‘May I ask’, the soft-spoken artist Christian Cummings paused, as if searching for a tactful way to broach a delicate subject, ‘how you died?’ Admittedly, in polite society the question is sort of a conversation-stopper. When posed to an unfamiliar, disembodied interlocutor via the less than subtle communication tool of the Ouija board it has the potential to lead to a little trans-dimensional pique. Promptly the tear-shaped Ouija planchette pointer jerked across the board to the failsafe word ‘Goodbye’, and the channelled ‘spirit’ in question, an entity using the streetwise netherworld tag of Bartman, had evidently logged off from the realm of the living. So it goes in the easy-come, easy-go world of conversing with the dead.
As part of Creative Time’s ‘Strange Powers’ exhibition, devoted to art that keeps an open mind when it comes to paranormal phenomena and the occult, Cummings’ four days of séance drawing sessions were a highlight, billed as a sort of open call to creative aspirants on other planes of existence to commune with the living. Setting himself up on the top floor of a creaky old (reportedly haunted) tenement building in the East Village, Cummings and his assistant sat solemnly at a table with a Ouija board between them, an overhead projector magnifying on a nearby wall the action taking place on the table’s surface. Donning black-out eye-masks, the two were attended by a young woman who took notes and read aloud the letters and words as they were spelt. Starting each session with the query, ‘Is there any spirit here who would like to talk to us?’ and a few perfunctory warm-up questions, Cummings quickly got to the matter at hand, and each wayward soul was invited to make a drawing (an invitation rarely turned down) using a magic marker affixed to the planchette on a fresh sheet of paper.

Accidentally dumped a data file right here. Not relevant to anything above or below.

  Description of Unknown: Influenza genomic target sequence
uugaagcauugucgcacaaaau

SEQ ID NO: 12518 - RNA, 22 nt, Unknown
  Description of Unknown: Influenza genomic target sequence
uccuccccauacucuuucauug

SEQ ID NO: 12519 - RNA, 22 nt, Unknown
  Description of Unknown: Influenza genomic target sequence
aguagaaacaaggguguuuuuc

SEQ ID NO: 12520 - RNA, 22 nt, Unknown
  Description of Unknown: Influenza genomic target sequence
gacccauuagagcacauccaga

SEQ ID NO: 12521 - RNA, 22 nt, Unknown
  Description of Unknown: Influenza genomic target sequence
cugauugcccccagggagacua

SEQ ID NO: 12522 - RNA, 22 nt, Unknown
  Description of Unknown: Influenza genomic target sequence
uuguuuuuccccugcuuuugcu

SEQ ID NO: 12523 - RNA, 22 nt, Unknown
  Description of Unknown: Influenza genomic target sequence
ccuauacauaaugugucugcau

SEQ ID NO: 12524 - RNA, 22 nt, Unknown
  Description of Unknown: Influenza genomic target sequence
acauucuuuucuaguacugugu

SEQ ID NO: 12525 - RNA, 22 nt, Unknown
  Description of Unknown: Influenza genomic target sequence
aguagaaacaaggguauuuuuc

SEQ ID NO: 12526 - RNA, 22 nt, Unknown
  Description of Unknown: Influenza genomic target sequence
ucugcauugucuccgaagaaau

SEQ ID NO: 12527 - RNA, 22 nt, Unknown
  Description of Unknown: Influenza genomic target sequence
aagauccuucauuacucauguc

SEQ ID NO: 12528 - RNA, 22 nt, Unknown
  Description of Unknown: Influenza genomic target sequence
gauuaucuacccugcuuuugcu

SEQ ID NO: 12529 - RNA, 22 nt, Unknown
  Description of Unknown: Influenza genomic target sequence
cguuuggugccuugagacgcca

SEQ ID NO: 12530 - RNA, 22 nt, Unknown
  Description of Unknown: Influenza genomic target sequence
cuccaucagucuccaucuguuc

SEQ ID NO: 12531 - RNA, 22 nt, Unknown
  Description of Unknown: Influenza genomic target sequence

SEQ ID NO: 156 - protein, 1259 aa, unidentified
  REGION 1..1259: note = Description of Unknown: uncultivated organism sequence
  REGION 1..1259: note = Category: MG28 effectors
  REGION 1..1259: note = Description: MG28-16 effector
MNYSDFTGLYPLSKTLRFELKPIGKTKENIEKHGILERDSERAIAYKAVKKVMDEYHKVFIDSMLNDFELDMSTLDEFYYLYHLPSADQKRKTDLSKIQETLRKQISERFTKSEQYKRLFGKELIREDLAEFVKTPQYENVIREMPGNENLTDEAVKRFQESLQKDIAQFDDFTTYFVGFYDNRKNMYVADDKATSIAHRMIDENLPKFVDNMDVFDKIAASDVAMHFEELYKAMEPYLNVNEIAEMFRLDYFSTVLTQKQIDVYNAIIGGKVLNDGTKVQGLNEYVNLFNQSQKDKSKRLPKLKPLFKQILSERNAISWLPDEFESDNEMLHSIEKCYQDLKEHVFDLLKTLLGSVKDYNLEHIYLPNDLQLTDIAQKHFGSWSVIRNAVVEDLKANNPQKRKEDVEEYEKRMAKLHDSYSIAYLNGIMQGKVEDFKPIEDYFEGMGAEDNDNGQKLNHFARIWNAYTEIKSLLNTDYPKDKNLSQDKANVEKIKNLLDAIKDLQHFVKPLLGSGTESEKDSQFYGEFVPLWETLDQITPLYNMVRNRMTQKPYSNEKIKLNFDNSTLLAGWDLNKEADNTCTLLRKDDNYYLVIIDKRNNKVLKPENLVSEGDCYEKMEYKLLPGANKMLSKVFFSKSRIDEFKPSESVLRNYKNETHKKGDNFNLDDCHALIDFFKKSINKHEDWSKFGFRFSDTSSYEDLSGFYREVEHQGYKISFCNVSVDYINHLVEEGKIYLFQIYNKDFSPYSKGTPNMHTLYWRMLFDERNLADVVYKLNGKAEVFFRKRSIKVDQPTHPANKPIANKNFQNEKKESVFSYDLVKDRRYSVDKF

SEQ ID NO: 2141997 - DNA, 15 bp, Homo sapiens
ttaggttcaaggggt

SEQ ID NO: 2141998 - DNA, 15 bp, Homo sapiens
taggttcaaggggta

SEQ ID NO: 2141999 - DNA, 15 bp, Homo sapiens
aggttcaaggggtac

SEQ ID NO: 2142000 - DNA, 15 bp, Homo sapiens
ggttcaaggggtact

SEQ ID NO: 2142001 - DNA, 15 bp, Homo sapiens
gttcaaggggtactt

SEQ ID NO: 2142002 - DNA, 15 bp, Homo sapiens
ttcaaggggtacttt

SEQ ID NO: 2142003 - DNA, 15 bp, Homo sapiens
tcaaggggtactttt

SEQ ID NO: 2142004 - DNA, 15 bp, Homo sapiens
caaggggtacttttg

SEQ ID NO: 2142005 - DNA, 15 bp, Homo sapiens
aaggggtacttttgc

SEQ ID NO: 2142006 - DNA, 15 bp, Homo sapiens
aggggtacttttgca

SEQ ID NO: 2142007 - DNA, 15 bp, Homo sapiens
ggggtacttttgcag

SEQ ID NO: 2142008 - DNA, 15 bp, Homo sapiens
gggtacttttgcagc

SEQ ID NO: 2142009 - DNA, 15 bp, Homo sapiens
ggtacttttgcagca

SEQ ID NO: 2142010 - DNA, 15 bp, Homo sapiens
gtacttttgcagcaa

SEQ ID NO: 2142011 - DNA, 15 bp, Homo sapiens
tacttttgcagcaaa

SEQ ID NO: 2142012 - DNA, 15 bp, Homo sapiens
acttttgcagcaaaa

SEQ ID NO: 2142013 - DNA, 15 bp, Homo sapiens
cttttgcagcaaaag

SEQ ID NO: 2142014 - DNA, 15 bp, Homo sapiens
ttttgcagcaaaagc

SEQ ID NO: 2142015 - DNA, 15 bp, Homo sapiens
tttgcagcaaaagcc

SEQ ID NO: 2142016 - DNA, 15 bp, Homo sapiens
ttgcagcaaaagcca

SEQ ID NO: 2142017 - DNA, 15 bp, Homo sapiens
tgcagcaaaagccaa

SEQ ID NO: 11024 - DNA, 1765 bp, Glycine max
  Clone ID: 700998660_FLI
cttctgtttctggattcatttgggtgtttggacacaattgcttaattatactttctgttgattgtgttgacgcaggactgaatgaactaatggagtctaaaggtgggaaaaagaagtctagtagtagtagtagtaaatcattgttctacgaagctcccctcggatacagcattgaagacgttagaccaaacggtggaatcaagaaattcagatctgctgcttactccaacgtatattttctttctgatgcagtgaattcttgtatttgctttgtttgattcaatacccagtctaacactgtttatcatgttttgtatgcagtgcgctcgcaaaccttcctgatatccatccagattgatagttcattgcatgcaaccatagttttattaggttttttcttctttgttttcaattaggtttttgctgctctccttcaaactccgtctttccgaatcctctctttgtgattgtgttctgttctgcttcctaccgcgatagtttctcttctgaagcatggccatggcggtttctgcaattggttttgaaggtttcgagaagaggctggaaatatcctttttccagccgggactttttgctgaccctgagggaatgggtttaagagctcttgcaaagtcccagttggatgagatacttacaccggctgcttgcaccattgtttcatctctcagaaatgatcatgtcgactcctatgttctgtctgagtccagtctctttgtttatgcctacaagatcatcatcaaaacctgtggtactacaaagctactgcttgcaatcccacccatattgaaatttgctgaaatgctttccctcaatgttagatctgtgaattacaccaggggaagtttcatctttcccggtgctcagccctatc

From the results two less than empirical conclusions could be drawn. First, the art world of the hereafter appears even more crowded than the one we currently enjoy – open to anyone, with the famously departed jockeying with complete unknowns for equal airtime. Second, when people shrug off their mortal coils, they appear to start drawing in a pretty consistent style. Perhaps determined by the limitations of the Ouija technique (the pen nib never alighting from the paper’s surface), that style has a doodly, Etch-a-Sketch, tattoo-parlour quality.
One of the first to sign in was, a little surprisingly, Barnett Newman, who, spurning the cabbalistic mystical abstraction of his earthbound years, here seemed content to simply scribble ‘art history is fundamental but not essential’ in a shaky hand alongside a crude sketch (self-portrait?) of a bald man in a bow-tie. During another session someone with the sideshow moniker Carny Billy sketched Keanu Reeves in full Matrix kung fu mode with a carton of orange juice. When questioned about the juice, the pointer spelled out ‘v-i-t-a-m-i-n C’, suggesting that even the deceased can still be health-conscious. While a minority of sceptics could be found in the audience (one Doubting Thomas circled the table mid-session looking for signs of peeking, wires, mirrors or other evidence of a spiritualist con), the majority of those present were clearly happy to remain in the camp of the credulous. Looks of wide-eyed astonishment and evidence of hushed goosebump-ish wonder were everywhere, and on a deliriously hot and sticky afternoon in an un-air-conditioned walk-up a little delirious suspension of disbelief can go a long way.